Owing to the superior optical properties of the hydrogel microcarrier and optical sectioning ability of LSM, large cell-microcarrier aggregates that form later in culture with increased cell growth can reach volumes > 4 mm3 and still be imaged in toto. This permits semi-automatic cell enumeration, microcarrier enumeration, and cell volume quantification of large microcarrier aggregates using both off-line fluorescence and the ELIAS methods (Fig 3). The CTG data shows a complex network of cellular connections throughout the aggregate (Fig 3a). The DiI plasma membrane stain, which does not require a live incubation period for conversion into a fluorescent marker, similarly reveals a large cellular network (Fig 3b). There were 5,673 individual cell nuclei enumerated using the DRAQ-5 data (Fig 3c). Using the elastic scattering data, which provides slight contrast for the gelMA material, 1,754 microcarriers were detected, for an average of 3.32 cells per microcarrier (Fig 3d). The elastic scattering modality also reveals the cells throughout the entire microcarrier aggregate (Fig 3d). Small scatterers in the agarose and cell debris on the microcarrier surfaces can be segmented out with intensity- and size-based filters as cells scatter at higher intensity values and are larger than the debris (Fig 3e). The higher-resolution, merged projection of the DRAQ-5 and CTG data illustrates the density of cells within aggregates (Fig 3f). The elastic scattering and DRAQ-5 zoomed-in merged projection reveals similar cell morphologies as the CTG data even for this large aggregate (Fig 3g). A 1 mm sweep in depth through the aggregate further exemplifies that elastic scattering can visualize both microcarriers and the complex network of cellular connections that create an aggregate in culture (S7 Video).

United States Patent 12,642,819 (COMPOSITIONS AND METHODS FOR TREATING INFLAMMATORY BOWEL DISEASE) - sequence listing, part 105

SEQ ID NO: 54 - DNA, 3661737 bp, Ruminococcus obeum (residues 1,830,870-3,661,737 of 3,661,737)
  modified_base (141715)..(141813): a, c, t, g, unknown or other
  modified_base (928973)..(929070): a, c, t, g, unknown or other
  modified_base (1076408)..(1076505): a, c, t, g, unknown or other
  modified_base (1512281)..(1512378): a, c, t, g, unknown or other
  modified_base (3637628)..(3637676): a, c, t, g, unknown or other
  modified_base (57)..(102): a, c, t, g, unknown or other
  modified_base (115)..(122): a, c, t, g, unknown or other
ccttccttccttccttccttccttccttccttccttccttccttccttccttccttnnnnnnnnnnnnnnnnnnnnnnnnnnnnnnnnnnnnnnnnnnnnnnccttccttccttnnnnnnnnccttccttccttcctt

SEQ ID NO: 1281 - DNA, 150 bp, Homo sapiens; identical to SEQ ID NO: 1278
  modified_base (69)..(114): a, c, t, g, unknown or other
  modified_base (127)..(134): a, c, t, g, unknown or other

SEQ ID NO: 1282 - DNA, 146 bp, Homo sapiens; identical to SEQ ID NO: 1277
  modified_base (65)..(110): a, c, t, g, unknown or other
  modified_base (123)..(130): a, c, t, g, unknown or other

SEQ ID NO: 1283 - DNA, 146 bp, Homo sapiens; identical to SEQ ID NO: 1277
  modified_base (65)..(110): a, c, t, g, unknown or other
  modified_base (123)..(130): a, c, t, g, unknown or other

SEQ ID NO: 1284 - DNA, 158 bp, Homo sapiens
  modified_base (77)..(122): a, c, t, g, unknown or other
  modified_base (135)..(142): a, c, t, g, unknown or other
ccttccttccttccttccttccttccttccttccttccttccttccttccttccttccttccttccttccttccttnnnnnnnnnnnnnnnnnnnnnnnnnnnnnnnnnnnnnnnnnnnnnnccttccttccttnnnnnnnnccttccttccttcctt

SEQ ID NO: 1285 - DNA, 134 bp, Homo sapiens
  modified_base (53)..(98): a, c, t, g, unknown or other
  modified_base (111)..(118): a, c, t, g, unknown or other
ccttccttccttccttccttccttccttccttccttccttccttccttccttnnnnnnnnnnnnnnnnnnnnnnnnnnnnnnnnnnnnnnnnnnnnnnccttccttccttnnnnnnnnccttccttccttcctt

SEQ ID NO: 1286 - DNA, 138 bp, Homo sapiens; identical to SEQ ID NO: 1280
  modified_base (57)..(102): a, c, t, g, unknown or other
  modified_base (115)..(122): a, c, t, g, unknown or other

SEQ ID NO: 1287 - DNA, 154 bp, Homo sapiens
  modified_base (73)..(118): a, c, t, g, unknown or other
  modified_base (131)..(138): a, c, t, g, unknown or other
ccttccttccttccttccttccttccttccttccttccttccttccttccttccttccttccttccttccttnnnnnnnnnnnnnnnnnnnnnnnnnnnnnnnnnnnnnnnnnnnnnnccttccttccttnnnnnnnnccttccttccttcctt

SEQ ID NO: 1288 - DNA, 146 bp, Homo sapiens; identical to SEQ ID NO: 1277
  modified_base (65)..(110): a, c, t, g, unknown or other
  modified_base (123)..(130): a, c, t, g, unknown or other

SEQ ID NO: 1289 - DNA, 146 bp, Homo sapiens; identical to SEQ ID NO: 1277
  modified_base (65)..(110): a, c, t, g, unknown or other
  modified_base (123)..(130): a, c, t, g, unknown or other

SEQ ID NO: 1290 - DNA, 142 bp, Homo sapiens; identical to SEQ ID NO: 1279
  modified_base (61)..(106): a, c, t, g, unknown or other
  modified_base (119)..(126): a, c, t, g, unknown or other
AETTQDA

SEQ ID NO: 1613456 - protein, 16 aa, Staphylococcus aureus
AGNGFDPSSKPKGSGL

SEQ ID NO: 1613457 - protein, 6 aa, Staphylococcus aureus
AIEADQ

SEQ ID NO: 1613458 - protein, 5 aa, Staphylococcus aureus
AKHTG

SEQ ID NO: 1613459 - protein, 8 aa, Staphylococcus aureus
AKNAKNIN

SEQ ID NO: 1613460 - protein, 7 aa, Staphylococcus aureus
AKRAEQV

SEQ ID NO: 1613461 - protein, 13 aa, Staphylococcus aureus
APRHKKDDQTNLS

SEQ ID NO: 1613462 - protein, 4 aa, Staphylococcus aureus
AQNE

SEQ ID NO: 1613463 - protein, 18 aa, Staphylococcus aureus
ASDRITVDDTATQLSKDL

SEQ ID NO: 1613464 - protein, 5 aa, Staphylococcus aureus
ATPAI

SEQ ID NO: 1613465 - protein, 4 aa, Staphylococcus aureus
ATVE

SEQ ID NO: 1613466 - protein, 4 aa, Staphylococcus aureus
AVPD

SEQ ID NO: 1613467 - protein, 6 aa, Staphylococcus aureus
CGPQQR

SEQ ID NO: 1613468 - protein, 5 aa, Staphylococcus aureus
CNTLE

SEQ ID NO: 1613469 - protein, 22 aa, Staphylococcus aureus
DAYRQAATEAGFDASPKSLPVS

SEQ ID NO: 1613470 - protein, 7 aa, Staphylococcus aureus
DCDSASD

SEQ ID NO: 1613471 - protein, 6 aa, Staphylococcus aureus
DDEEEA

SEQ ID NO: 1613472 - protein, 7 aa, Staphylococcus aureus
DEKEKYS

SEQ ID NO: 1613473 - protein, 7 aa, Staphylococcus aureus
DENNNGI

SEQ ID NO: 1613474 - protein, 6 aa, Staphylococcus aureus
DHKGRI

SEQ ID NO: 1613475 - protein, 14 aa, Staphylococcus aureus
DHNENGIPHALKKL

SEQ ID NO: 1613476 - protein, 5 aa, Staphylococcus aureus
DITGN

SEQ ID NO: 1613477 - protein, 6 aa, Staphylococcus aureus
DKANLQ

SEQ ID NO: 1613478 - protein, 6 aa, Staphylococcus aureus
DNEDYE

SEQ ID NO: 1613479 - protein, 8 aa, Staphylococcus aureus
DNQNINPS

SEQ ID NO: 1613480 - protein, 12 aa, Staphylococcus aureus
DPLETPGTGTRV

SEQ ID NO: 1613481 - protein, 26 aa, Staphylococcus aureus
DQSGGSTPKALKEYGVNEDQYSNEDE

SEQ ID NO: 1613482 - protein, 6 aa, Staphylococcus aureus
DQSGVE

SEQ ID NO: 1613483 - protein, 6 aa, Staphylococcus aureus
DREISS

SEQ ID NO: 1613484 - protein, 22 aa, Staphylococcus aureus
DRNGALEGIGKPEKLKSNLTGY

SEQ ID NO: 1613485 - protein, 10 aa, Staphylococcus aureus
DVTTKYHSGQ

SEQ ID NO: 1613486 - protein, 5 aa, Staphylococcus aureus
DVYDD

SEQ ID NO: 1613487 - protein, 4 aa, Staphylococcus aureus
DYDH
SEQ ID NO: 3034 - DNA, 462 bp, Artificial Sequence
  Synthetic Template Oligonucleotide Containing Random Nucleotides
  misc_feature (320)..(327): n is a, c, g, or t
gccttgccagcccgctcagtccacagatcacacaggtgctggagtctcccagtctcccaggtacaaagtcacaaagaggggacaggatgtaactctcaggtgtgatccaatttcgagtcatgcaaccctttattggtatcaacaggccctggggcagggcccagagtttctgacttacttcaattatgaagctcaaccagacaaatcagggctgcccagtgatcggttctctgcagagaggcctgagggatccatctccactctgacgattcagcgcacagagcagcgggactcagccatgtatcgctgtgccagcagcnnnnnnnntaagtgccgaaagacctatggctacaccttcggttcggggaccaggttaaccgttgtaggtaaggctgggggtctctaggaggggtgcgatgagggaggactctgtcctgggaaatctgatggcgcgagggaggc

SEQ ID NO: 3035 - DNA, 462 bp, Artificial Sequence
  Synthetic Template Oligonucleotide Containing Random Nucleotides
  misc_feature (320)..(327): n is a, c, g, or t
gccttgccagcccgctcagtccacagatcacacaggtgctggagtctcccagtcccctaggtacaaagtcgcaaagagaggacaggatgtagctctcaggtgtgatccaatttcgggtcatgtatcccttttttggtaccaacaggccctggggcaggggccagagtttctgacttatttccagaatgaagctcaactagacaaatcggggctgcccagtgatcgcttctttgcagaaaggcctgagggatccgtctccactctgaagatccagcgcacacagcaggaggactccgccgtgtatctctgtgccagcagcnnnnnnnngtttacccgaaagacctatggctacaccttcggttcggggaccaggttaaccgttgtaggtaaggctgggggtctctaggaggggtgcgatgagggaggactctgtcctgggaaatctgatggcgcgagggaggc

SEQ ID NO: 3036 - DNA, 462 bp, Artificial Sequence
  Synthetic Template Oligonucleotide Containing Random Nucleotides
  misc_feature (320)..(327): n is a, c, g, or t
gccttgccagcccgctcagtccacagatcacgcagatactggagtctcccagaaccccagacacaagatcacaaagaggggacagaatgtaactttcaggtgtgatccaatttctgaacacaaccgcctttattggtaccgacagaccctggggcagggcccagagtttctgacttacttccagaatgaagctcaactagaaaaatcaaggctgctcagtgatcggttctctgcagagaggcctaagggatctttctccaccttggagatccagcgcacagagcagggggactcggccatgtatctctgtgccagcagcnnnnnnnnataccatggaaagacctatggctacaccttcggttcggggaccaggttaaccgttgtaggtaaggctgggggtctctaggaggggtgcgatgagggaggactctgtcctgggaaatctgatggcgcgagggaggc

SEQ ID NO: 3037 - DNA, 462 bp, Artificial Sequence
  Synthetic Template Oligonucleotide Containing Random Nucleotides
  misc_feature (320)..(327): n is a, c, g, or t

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Fig 3. Large aggregates can be imaged and analyzed in toto using fluorescence and label-free LSM.

2D maximum fluorescence intensity Z-projections of ih-MSCs labeled with a) CTG, b) DiI, and c) DRAQ-5. (d) Elastic scattering also allows for visualization of cells within large aggregates. e) Small scatterers in agarose and cell debris can be segmented out based on intensity and/or size using Imaris. f) CTG + DRAQ-5 merge and g) elastic scattering + DRAQ-5 merge at higher resolution. Scale bar = 400 μm.

https://doi.org/10.1371/journal.pone.0282298.g003

Cell enumeration and cell volume quantification